Baghdad, of course remains the most famous memorial to the Abbasids,
although nothing remains of the fortified Round City built for the Caliph
Mansur (754 - 775). Its purpose was to serve as an administrative capital,
a Caliphal palace, and a place to settle thousands of Khurasani-Arab troops.
The location of Baghdad was also particularly good for communications.
Militarily it housed a large army at the center of the state; these forces
included regular troops, the Caliph's own guard, the city's shurta police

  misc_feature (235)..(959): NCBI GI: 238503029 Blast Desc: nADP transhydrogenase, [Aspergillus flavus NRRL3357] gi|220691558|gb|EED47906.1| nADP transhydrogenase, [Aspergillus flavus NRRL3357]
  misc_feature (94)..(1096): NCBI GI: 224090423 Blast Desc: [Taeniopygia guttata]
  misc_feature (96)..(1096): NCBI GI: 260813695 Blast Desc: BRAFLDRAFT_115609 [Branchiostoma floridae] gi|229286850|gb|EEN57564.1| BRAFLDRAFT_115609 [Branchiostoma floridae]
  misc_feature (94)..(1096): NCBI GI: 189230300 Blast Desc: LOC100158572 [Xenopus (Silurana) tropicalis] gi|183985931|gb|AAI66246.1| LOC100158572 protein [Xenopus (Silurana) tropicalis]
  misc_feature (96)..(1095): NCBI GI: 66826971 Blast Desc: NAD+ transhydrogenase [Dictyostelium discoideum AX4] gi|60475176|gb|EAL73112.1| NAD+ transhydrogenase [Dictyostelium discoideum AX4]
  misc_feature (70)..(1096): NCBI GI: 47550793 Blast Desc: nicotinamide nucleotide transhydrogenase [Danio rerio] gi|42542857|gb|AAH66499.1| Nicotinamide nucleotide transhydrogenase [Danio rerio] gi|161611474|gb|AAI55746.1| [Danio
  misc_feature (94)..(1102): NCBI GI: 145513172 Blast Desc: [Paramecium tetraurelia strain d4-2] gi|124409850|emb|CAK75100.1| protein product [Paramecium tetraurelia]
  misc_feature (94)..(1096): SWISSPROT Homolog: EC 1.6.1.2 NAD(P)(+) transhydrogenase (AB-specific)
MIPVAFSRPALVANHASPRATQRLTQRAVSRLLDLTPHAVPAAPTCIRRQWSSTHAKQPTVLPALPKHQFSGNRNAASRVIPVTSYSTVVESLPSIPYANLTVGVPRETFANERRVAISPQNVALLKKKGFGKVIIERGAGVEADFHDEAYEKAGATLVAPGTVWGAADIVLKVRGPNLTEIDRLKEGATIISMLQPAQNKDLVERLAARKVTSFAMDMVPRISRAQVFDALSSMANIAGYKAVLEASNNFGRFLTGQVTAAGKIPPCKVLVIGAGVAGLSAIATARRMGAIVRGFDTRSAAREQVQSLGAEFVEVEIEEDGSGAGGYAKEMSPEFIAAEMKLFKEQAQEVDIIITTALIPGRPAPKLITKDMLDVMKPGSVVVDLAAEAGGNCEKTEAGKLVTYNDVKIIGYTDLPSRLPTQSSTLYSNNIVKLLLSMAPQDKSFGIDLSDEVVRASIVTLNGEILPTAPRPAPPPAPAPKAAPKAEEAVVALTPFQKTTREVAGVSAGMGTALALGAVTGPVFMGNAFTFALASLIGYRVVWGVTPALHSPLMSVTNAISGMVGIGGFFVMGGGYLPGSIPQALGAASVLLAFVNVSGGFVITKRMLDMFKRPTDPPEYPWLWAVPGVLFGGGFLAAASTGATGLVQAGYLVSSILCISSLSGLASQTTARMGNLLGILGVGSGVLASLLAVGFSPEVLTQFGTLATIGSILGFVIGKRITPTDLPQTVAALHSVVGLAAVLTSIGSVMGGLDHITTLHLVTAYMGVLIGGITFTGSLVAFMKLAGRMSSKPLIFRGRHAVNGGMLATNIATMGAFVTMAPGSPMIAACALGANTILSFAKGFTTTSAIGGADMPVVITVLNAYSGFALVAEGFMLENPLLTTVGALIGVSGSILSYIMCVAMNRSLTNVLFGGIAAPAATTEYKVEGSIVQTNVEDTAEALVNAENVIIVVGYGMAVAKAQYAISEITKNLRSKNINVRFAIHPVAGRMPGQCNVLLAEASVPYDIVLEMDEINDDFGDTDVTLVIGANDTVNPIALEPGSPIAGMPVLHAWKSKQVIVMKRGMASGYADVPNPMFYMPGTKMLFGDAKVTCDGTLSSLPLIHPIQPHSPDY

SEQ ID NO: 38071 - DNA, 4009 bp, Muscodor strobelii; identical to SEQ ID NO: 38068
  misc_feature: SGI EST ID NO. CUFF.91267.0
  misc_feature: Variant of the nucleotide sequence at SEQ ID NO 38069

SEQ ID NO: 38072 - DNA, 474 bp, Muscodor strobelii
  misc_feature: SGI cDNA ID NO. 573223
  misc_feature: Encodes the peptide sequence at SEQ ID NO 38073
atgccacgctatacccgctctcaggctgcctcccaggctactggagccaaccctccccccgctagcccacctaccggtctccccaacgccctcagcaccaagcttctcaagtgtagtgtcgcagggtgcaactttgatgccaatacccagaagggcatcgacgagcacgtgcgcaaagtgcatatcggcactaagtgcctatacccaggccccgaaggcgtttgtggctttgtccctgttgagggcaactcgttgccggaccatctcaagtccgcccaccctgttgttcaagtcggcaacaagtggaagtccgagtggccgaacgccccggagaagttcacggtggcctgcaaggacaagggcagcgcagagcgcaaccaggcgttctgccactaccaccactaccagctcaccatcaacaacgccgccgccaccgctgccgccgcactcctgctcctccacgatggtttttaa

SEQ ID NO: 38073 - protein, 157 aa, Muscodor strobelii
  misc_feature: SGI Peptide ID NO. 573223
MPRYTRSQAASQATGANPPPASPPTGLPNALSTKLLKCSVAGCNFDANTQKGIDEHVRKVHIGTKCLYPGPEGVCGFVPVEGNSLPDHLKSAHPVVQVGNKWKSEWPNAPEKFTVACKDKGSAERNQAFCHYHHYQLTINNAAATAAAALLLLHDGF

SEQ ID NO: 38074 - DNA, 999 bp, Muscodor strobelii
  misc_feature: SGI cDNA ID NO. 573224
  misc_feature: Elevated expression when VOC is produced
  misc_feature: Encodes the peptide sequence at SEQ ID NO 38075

and haras internal security force, as well as Baghdad's own paramilitary
militia. The great majority of the population, which may have reached
as many as a half-million by the year 800, lived in sprawlingsuburbs
around the Round City, some of which had been built by Khurasani
military chiefs to house their own followers.
D. Niccole and Angus McBride(illus.), "Armies of the Muslim Conquest," Men-At-Arms 225, Osprey Pub., 1993, Pages 23-24.
The 'later tower' means that sometime since the fortification was
constructed, a tower was added to the curtain wall. It was
well known that as european forces came into contact with
muslim forces at a fortification, the Muslim engineers, borrowed
the technology that they saw in the improvements of their
opponent's fortifications .